Cicero, Clodius, and the Triumvirs.
(Aet. 45-48. B.C. 62-59. Epist. III.-IX.)
9. The year 62 B.C.
opened with a series of bitter attacks upon the
senate by Pompey's tool, the tribune Metellus Nepos, supported by the praetor
C. Julius Caesar. Against Cicero, his consulship, and the execution of the
conspirators, Metellus made his fiercest onslaughts,
but the Optimates were
too strong for their opponents. Metellus fled to Pompey
for protection and
Caesar was forbidden for a time to administer the duties of his office.
It was during this period of political uproar that Cicero delivered one of the
most charming of his orations, in defending the claim to citizenship of his old
friend and teacher, Archias.
10. In December of this year, while Caesar was absent in Spain, a festival was
held at his house in honor of the goddess Bona Dea, which it was unlawful for
men to attend . but during the meeting, P. Clodius, a patrician, was found to
be present in disguise (Cf. Epist V.). A judicial investigation
of the matter was made, but Clodius secured an acquittal through the kind
offices of Crassus, who bribed a majority of the jurors. Cicero does not seem
to have taken an active part in the discussion of the Clodian matter in the
but when, in the trial, Clodius attempted to establish an alibi by
offering evidence to prove that he was at Interamna, ninety miles from Rome, at
the time of the sacrilege, Cicero went on the witness stand and testified that
he had seen Clodius in Rome within three hours of the time he claimed to have
been at Interamna.
The anger of Clodius was aroused still more by the humiliation which he
suffered in debate at Cicero's hands,
so that henceforth he thought of little
else than avenging himself upon Cicero. The clash between Clodius and the
senate, and the desire which Clodius felt to injure Cicero, threw Clodius into
the arms of the democratic party, so that the affair, which at the outset was a
purely personal one, developed into a political antagonism.
11. In Jan., 61 B.C., before the trial of Clodius took place, Pompey returned
from the East. Both the senatorial party and the democratic party were anxious
to secure his support; but, with that fatuity which characterized his conduct
so often, he satisfied neither faction. The senate, however, found an
opportunity to punish him for his coldness toward them by declining either to
ratify his arrangements in the
East or to give the accustomed gratuities to his veterans; but his hopes for
the next year were raised by the election of his adherent, L. Afranius, to the
consulship for 60 B.C..
Clodius had been absent for a year as quaestor in
Sicily, and Cicero, although not foreseeing definitely the danger which
threatened him, looked forward with some anxiety to the return of Clodius.
12. A variety of causes conspired in 60 B.C.
to weaken the conservative
party. The knights, who farmed the provincial revenues, in a large degree,
finding that they had made their bids too high, wished to cancel their
The senate would not give its consent. It also passed a measure to
investigate the bribery of the jury in the Clodian trial, and as many of the
suspected jurors were equites, that class regarded the measure as a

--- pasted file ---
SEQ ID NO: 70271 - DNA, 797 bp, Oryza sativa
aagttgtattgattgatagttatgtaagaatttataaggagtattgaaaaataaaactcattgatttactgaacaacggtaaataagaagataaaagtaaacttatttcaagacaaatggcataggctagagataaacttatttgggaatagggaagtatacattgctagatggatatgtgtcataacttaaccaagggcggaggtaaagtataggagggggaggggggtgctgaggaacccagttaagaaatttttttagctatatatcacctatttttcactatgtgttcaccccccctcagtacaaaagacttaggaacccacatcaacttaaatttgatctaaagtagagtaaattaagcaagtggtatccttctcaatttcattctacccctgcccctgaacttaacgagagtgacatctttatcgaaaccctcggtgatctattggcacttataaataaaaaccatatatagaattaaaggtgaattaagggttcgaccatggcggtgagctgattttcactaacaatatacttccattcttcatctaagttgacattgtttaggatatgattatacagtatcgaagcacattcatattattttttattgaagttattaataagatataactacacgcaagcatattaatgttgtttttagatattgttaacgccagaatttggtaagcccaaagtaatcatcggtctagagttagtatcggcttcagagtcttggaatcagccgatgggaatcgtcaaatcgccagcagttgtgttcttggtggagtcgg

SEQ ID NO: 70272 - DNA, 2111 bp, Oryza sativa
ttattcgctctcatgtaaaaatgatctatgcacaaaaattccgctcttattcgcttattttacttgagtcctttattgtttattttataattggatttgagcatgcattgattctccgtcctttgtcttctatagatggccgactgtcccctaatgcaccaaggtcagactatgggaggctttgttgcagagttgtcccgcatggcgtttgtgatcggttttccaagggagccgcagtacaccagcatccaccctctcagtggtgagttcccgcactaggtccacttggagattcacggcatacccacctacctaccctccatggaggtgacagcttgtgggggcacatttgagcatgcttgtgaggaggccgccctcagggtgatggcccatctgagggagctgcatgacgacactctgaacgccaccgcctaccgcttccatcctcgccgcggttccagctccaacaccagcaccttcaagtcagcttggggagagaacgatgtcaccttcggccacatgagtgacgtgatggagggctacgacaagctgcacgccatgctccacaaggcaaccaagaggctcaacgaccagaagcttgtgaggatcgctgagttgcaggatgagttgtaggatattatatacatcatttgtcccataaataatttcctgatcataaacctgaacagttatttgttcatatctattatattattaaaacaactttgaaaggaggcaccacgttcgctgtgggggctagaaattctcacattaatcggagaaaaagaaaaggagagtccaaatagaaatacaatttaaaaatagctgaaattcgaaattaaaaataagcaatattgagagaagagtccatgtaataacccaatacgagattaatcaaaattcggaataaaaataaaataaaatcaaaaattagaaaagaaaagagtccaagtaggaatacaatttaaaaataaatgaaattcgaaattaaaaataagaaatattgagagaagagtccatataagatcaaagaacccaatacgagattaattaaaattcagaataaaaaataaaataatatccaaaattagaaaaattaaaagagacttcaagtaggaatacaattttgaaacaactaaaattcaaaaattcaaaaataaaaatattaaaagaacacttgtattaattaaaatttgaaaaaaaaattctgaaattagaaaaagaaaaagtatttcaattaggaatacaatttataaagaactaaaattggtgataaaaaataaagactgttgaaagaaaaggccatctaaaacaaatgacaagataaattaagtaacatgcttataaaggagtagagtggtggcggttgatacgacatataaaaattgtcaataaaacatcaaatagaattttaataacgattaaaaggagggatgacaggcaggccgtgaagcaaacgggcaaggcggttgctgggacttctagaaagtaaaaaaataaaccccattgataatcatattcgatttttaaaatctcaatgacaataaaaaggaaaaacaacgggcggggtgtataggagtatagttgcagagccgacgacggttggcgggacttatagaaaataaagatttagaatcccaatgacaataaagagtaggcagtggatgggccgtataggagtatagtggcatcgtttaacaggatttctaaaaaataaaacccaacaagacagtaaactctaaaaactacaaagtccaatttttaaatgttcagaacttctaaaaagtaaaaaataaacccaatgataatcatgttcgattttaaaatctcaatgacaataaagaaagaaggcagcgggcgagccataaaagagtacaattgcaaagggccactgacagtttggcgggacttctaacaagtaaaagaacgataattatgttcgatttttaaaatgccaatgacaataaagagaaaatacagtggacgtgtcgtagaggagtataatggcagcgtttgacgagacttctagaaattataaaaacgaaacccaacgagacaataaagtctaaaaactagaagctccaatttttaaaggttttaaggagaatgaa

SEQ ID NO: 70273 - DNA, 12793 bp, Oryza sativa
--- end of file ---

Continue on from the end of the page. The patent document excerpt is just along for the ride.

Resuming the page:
political attack upon themselves. The senatorial party was also weakened by
the death of one of its most judicious leaders, Q. Catulus, in the spring of 60 B.C.,
by the indifference of others, like Lucullus, and by the
ascendency of extremists like Cato and Favonius.
13. It was under these circumstances that Caesar returned, fresh from his
victories in Spain, to sue for the consulship. Pompey had won from the senate
nothing but a triumph, and willingly made common cause with Caesar. The
coalition was strengthened by the addition of Crassus, and thus, in the summer
of 60 B.C.
, the so-called First Triumvirate was secretly formed.
The triumvirs carried out the first item in their programme by the election of
Caesar to the consulship for 59 B.C., but with Bibulus,
an extreme aristocrat,
as his colleague; and notwithstanding the violent opposition of Bibulus
and the Optimates, Caesar secured the passage of an agrarian law
and bills ratifying Pompey's arrangements in the East,
while the people, under the
leadership of the tribune P. Vatinius, approved a bill assigning to Caesar,
from Mar. 1, 59 B.C., the provinces of Cisalpine Gaul and Illyricum, with an
army of three legions for five years, to which the senate, apparently of its
own motion, added Transalpine Gaul and a fourth legion.
14. After the return of Caesar, Cicero took little part in politics. He did
not sympathize with the uncompromising attitude of the senate, he was hurt by
the coldness of Pompey towards himself, and disappointed by that leader's
selfish aims. While appreciating the irresistible power of the Triumvirate, he
saw a ray of hope in the apparent unpopularity of the triumvirs,
whose rule, he believed, could not last long. Clodius continued straight on toward his
cherished purpose of avenging himself upon Cicero. With that end in view he
caused himself to be adopted by a plebeian, Fonteius, and secured an election
as tribune for the year 58.
Cicero would seem to have been blind to his own danger. He knew of the enmity
of Clodius, but did not fear him, so that he made no opposition to his adoption
or his election, and as late as Nov., 59 B.C., writes in a confident way of the
The conduct of Caesar, who appreciated Cicero's danger, was most
generous. He offered Cicero the position of legatus in Gaul.
This offer, however, Cicero declined, as well as that of a legatio libera,
and a position on the commission to divide the public land in Campania.